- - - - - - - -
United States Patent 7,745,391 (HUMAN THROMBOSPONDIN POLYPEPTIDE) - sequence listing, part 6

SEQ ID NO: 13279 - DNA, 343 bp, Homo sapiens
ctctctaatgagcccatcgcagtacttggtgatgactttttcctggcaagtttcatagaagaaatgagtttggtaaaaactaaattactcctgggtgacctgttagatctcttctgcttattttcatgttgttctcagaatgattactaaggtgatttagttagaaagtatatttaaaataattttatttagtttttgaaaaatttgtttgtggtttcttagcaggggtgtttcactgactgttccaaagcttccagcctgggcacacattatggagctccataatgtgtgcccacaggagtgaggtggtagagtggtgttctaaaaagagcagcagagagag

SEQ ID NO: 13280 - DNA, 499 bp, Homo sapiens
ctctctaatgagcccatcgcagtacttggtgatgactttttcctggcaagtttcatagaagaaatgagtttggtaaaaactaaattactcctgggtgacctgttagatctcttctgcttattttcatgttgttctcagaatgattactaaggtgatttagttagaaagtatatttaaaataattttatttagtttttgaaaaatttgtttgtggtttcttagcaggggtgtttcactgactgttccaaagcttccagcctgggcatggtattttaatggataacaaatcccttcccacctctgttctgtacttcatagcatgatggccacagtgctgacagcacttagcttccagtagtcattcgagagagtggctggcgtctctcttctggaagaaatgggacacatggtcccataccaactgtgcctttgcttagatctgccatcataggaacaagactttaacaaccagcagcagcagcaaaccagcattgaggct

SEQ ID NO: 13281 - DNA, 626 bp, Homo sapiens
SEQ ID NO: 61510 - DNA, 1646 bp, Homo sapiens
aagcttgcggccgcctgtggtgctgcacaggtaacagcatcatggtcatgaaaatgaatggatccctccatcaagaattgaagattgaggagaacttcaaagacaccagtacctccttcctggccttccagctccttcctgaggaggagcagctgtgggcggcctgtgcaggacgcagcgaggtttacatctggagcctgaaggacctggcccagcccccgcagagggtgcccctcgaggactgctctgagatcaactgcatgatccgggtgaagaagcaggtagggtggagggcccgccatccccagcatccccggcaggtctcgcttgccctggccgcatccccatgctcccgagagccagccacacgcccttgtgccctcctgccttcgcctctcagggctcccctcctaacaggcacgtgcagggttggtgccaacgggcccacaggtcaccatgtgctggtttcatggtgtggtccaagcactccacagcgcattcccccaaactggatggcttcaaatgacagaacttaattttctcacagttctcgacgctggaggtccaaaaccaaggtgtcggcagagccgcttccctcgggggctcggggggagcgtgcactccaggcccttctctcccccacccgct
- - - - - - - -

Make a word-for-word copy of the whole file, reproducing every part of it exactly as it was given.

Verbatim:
United States Patent 7,745,391 (HUMAN THROMBOSPONDIN POLYPEPTIDE) - sequence listing, part 6

SEQ ID NO: 13279 - DNA, 343 bp, Homo sapiens
ctctctaatgagcccatcgcagtacttggtgatgactttttcctggcaagtttcatagaagaaatgagtttggtaaaaactaaattactcctgggtgacctgttagatctcttctgcttattttcatgttgttctcagaatgattactaaggtgatttagttagaaagtatatttaaaataattttatttagtttttgaaaaatttgtttgtggtttcttagcaggggtgtttcactgactgttccaaagcttccagcctgggcacacattatggagctccataatgtgtgcccacaggagtgaggtggtagagtggtgttctaaaaagagcagcagagagag

SEQ ID NO: 13280 - DNA, 499 bp, Homo sapiens
ctctctaatgagcccatcgcagtacttggtgatgactttttcctggcaagtttcatagaagaaatgagtttggtaaaaactaaattactcctgggtgacctgttagatctcttctgcttattttcatgttgttctcagaatgattactaaggtgatttagttagaaagtatatttaaaataattttatttagtttttgaaaaatttgtttgtggtttcttagcaggggtgtttcactgactgttccaaagcttccagcctgggcatggtattttaatggataacaaatcccttcccacctctgttctgtacttcatagcatgatggccacagtgctgacagcacttagcttccagtagtcattcgagagagtggctggcgtctctcttctggaagaaatgggacacatggtcccataccaactgtgcctttgcttagatctgccatcataggaacaagactttaacaaccagcagcagcagcaaaccagcattgaggct

SEQ ID NO: 13281 - DNA, 626 bp, Homo sapiens
SEQ ID NO: 61510 - DNA, 1646 bp, Homo sapiens
aagcttgcggccgcctgtggtgctgcacaggtaacagcatcatggtcatgaaaatgaatggatccctccatcaagaattgaagattgaggagaacttcaaagacaccagtacctccttcctggccttccagctccttcctgaggaggagcagctgtgggcggcctgtgcaggacgcagcgaggtttacatctggagcctgaaggacctggcccagcccccgcagagggtgcccctcgaggactgctctgagatcaactgcatgatccgggtgaagaagcaggtagggtggagggcccgccatccccagcatccccggcaggtctcgcttgccctggccgcatccccatgctcccgagagccagccacacgcccttgtgccctcctgccttcgcctctcagggctcccctcctaacaggcacgtgcagggttggtgccaacgggcccacaggtcaccatgtgctggtttcatggtgtggtccaagcactccacagcgcattcccccaaactggatggcttcaaatgacagaacttaattttctcacagttctcgacgctggaggtccaaaaccaaggtgtcggcagagccgcttccctcgggggctcggggggagcgtgcactccaggcccttctctcccccacccgct